In summation, defense counsel argued that given the length of the access road onto Route 38, the fact that it turns into an additional lane on Route 38, and the absence of any oncoming traffic in the right lane, there was no justifiable reason for plaintiff to have come to a sudden, abrupt stop at the yield sign and, therefore, she was more responsible for the accident. Plaintiff's counsel argued that after years of pretrial discovery, it was outrageous that defendant was "still blaming [his] client for rear-ending her because he wasn't paying attention and he was careless, and he was negligent, and you will hear that the law says when you rear-end somebody, it's your fault."

In the court's charge to the jury, the judge included an instruction on comparative negligence and likewise instructed the jury on the proper allocation of damages should it find liability against plaintiff. The jury returned a verdict finding plaintiff fifty-five percent negligent and defendant forty-five percent negligent. Plaintiff moved for a JNOV or, alternatively, a new trial. The court denied the motion, concluding that although it may have reached a different result, the jury's verdict was not a miscarriage of justice. The judge reasoned that "the jury obviously found [plaintiff's] version less credible than the defendant's version in regard to those key aspects as to the traffic conditions that she was confronted with." The present appeal followed.

On appeal, plaintiff urges (1) because she complied with N.J.S.A. 39:4-144 by stopping, as necessary, at the yield sign, resulting in the rear-end collision, no comparative negligence should have been assessed against her; (2) she is entitled to a new trial due to prejudicial testimony elicited from defendant and improper comments made by defense counsel during summation; and (3) the trial court erred in denying plaintiff's motion for a JNOV/new trial because the verdict was against the weight of the evidence.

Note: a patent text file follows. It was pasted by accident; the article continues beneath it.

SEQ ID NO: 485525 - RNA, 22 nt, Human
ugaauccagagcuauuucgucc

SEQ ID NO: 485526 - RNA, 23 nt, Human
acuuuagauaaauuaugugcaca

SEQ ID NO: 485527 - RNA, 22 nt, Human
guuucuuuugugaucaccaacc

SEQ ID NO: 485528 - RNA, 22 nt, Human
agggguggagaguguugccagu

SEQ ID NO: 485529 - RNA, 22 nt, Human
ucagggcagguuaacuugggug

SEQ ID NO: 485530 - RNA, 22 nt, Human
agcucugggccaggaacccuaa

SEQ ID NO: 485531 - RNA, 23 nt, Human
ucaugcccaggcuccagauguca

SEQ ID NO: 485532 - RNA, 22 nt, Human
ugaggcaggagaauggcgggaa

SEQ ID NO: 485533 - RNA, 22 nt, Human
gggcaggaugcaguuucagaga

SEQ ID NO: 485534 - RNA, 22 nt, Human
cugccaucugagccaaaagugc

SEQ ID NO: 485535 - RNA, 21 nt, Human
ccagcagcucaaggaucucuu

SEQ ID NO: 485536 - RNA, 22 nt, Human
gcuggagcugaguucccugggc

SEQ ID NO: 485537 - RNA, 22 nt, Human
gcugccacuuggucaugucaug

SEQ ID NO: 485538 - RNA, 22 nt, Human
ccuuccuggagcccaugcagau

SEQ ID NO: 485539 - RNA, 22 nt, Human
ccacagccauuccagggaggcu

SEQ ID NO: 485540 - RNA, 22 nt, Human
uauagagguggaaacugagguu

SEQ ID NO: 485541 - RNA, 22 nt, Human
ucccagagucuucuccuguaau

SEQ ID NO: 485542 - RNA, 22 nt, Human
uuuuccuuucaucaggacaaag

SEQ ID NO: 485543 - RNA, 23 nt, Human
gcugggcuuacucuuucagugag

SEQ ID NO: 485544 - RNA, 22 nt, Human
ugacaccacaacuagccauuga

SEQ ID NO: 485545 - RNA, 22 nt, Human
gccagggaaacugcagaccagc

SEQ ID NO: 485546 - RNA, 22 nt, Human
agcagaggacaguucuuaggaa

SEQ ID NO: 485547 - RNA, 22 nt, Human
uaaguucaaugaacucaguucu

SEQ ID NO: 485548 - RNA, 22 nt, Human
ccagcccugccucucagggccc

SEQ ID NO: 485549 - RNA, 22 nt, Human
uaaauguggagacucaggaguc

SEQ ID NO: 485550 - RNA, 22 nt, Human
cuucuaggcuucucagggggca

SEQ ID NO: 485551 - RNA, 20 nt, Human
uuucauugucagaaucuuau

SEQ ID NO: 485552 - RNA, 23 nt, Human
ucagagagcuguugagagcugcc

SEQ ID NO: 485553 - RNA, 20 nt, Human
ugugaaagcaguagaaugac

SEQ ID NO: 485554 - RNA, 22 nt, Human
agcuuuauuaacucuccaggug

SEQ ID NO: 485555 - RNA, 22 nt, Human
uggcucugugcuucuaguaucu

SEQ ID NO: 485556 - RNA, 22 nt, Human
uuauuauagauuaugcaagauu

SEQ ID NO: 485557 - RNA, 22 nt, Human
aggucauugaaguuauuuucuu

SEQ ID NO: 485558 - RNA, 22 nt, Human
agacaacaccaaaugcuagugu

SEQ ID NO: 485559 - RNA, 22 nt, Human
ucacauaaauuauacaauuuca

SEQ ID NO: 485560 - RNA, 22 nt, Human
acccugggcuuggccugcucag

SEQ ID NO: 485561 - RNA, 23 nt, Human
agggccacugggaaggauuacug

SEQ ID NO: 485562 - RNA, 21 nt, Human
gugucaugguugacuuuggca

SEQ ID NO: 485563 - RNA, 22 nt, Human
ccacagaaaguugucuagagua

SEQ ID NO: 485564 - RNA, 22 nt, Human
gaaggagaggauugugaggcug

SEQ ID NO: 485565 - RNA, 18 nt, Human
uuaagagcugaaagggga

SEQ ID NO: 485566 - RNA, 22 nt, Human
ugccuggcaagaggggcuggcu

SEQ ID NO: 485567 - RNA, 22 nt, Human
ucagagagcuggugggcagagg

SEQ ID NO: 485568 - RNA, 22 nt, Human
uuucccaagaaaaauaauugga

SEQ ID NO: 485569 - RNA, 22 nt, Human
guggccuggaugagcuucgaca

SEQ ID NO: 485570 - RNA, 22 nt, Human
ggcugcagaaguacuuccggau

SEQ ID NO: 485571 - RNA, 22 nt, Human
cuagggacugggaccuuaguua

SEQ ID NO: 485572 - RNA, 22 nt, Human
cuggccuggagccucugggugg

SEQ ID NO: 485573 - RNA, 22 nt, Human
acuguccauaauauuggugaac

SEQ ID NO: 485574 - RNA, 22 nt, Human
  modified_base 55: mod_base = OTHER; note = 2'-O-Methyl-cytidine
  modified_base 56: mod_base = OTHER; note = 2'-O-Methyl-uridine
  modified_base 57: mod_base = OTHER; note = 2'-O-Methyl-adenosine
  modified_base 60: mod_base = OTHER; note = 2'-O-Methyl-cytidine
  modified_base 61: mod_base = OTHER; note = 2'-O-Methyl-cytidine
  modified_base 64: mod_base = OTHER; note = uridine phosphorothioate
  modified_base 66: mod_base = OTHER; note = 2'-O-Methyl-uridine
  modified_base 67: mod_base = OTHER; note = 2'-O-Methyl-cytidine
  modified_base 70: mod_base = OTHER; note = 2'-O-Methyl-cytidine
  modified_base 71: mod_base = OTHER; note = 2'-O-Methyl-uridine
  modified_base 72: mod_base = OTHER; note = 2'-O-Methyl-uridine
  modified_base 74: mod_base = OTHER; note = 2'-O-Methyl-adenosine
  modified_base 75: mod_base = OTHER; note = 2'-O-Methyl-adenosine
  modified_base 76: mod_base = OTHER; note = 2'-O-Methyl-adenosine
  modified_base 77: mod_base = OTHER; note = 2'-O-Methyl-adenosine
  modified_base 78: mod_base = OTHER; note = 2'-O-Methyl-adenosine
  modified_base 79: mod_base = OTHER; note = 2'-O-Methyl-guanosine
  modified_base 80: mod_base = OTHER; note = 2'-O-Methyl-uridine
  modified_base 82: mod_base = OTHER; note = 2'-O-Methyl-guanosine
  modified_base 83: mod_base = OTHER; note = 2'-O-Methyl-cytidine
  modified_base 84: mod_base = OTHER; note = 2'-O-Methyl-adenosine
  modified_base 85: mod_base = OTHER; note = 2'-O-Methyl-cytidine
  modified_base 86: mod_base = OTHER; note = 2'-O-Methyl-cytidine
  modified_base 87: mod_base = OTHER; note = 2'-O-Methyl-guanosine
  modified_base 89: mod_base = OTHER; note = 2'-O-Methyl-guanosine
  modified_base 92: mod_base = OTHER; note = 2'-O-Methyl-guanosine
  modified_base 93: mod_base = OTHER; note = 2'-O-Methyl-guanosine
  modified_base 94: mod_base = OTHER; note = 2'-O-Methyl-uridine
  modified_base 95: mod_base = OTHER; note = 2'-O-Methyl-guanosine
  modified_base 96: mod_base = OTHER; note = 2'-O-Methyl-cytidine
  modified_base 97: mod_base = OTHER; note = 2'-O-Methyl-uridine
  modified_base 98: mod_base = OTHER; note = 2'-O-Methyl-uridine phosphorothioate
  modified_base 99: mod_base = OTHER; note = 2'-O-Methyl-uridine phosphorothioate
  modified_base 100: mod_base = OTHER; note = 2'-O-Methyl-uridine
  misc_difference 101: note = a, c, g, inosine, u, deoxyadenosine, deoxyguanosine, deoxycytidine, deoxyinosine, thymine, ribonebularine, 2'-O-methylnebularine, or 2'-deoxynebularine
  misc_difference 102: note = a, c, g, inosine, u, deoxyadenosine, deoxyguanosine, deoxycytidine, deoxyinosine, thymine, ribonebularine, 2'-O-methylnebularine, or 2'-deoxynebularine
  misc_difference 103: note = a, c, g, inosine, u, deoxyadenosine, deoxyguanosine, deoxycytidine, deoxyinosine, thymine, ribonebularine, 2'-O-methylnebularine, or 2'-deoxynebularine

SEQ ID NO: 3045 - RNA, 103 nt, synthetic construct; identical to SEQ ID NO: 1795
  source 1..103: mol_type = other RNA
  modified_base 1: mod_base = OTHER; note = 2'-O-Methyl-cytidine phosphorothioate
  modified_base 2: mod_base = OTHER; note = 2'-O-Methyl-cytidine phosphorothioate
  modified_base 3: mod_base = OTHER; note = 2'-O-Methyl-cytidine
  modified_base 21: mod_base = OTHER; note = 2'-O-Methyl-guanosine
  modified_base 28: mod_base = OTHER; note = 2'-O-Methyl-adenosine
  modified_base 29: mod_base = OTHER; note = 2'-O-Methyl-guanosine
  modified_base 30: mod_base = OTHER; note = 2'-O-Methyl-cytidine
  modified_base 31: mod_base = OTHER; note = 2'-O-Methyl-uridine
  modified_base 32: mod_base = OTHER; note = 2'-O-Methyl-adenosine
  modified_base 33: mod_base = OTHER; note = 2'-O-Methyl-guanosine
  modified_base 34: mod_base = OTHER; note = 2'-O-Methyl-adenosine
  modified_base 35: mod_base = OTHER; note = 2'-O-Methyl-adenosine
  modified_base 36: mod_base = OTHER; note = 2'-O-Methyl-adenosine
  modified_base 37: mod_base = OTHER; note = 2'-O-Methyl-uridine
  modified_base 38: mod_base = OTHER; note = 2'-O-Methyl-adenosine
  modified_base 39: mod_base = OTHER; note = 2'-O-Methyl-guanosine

Plaintiff first argues that because of the traffic conditions that existed on Route 38 as she proceeded down the merger lane, N.J.S.A. 39:4-144 required that she not simply yield to the oncoming traffic, but that she also stop. N.J.S.A. 39:4-144 provides in pertinent part that,

No driver of a vehicle or street car shall enter upon or cross an intersecting street marked with a "yield right of way" sign without first slowing to a reasonable speed for existing conditions and visibility, stopping if necessary, and the driver shall yield the right of way to all traffic on the intersecting street which is so close as to constitute an immediate hazard[.]

Since she complied with this statute, plaintiff claims there was no basis to find her comparatively negligent and certainly no basis to find that any negligence on her part was greater than the negligence of defendant, who failed to maintain a reasonably safe distance behind her vehicle.

This argument, however, ignores the testimony of defendant that plaintiff inexplicably stopped her vehicle approximately sixty feet from the yield sign, well before the merger lane became the new third lane on Route 38 East, when there was no oncoming traffic for which she had to yield, much less come to a complete, abrupt stop, and that there was residual snow and sand on the roadway from a recent snowfall. This testimony, if accepted by the jury, would tend to negate plaintiff's testimony that it was necessary for her to stop as she did and would support defendant's contention that plaintiff's unexpected actions caused the accident. Thus, deferring to the jury's credibility determinations and considering the proofs as a whole, we are satisfied that "reasonable minds might accept the evidence as adequate to support the jury verdict." Borngesser v. Jersey Shore Med. Ctr., 340 N.J. Super. 369, 377 (App. Div. 2001).